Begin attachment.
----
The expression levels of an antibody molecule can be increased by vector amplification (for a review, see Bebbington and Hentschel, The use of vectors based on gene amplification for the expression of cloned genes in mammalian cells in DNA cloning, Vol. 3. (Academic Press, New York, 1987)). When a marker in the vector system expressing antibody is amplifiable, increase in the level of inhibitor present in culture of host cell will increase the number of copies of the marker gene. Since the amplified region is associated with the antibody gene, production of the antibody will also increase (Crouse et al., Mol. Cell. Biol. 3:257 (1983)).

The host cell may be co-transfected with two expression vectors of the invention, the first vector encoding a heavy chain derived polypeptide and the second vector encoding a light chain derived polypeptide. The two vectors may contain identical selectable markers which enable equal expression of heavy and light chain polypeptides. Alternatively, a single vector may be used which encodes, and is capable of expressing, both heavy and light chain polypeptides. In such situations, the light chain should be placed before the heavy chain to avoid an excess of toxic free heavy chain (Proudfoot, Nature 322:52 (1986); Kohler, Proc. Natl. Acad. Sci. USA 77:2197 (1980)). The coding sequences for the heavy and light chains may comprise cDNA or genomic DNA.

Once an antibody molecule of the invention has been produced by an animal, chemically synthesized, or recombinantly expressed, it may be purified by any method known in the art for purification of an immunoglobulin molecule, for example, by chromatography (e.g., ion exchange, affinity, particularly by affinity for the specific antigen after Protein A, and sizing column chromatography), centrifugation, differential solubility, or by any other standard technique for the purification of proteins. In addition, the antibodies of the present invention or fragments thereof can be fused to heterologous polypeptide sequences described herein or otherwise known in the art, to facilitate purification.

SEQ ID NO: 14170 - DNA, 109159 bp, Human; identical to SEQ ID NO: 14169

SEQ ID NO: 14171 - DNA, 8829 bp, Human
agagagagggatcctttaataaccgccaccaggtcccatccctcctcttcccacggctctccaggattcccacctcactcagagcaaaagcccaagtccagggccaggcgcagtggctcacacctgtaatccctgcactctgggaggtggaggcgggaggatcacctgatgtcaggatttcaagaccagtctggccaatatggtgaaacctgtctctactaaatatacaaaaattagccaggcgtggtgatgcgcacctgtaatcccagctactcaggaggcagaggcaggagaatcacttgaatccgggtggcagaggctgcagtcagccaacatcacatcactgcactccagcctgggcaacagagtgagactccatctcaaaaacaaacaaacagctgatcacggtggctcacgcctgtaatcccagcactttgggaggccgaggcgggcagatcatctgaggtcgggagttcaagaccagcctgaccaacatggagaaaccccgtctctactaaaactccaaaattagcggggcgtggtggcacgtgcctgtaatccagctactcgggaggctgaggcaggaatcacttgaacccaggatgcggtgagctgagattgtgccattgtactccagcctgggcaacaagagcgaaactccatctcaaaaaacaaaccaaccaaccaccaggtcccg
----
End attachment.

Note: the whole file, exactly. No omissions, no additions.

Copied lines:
The expression levels of an antibody molecule can be increased by vector amplification (for a review, see Bebbington and Hentschel, The use of vectors based on gene amplification for the expression of cloned genes in mammalian cells in DNA cloning, Vol. 3. (Academic Press, New York, 1987)). When a marker in the vector system expressing antibody is amplifiable, increase in the level of inhibitor present in culture of host cell will increase the number of copies of the marker gene. Since the amplified region is associated with the antibody gene, production of the antibody will also increase (Crouse et al., Mol. Cell. Biol. 3:257 (1983)).

The host cell may be co-transfected with two expression vectors of the invention, the first vector encoding a heavy chain derived polypeptide and the second vector encoding a light chain derived polypeptide. The two vectors may contain identical selectable markers which enable equal expression of heavy and light chain polypeptides. Alternatively, a single vector may be used which encodes, and is capable of expressing, both heavy and light chain polypeptides. In such situations, the light chain should be placed before the heavy chain to avoid an excess of toxic free heavy chain (Proudfoot, Nature 322:52 (1986); Kohler, Proc. Natl. Acad. Sci. USA 77:2197 (1980)). The coding sequences for the heavy and light chains may comprise cDNA or genomic DNA.

Once an antibody molecule of the invention has been produced by an animal, chemically synthesized, or recombinantly expressed, it may be purified by any method known in the art for purification of an immunoglobulin molecule, for example, by chromatography (e.g., ion exchange, affinity, particularly by affinity for the specific antigen after Protein A, and sizing column chromatography), centrifugation, differential solubility, or by any other standard technique for the purification of proteins. In addition, the antibodies of the present invention or fragments thereof can be fused to heterologous polypeptide sequences described herein or otherwise known in the art, to facilitate purification.

SEQ ID NO: 14170 - DNA, 109159 bp, Human; identical to SEQ ID NO: 14169

SEQ ID NO: 14171 - DNA, 8829 bp, Human
agagagagggatcctttaataaccgccaccaggtcccatccctcctcttcccacggctctccaggattcccacctcactcagagcaaaagcccaagtccagggccaggcgcagtggctcacacctgtaatccctgcactctgggaggtggaggcgggaggatcacctgatgtcaggatttcaagaccagtctggccaatatggtgaaacctgtctctactaaatatacaaaaattagccaggcgtggtgatgcgcacctgtaatcccagctactcaggaggcagaggcaggagaatcacttgaatccgggtggcagaggctgcagtcagccaacatcacatcactgcactccagcctgggcaacagagtgagactccatctcaaaaacaaacaaacagctgatcacggtggctcacgcctgtaatcccagcactttgggaggccgaggcgggcagatcatctgaggtcgggagttcaagaccagcctgaccaacatggagaaaccccgtctctactaaaactccaaaattagcggggcgtggtggcacgtgcctgtaatccagctactcgggaggctgaggcaggaatcacttgaacccaggatgcggtgagctgagattgtgccattgtactccagcctgggcaacaagagcgaaactccatctcaaaaaacaaaccaaccaaccaccaggtcccg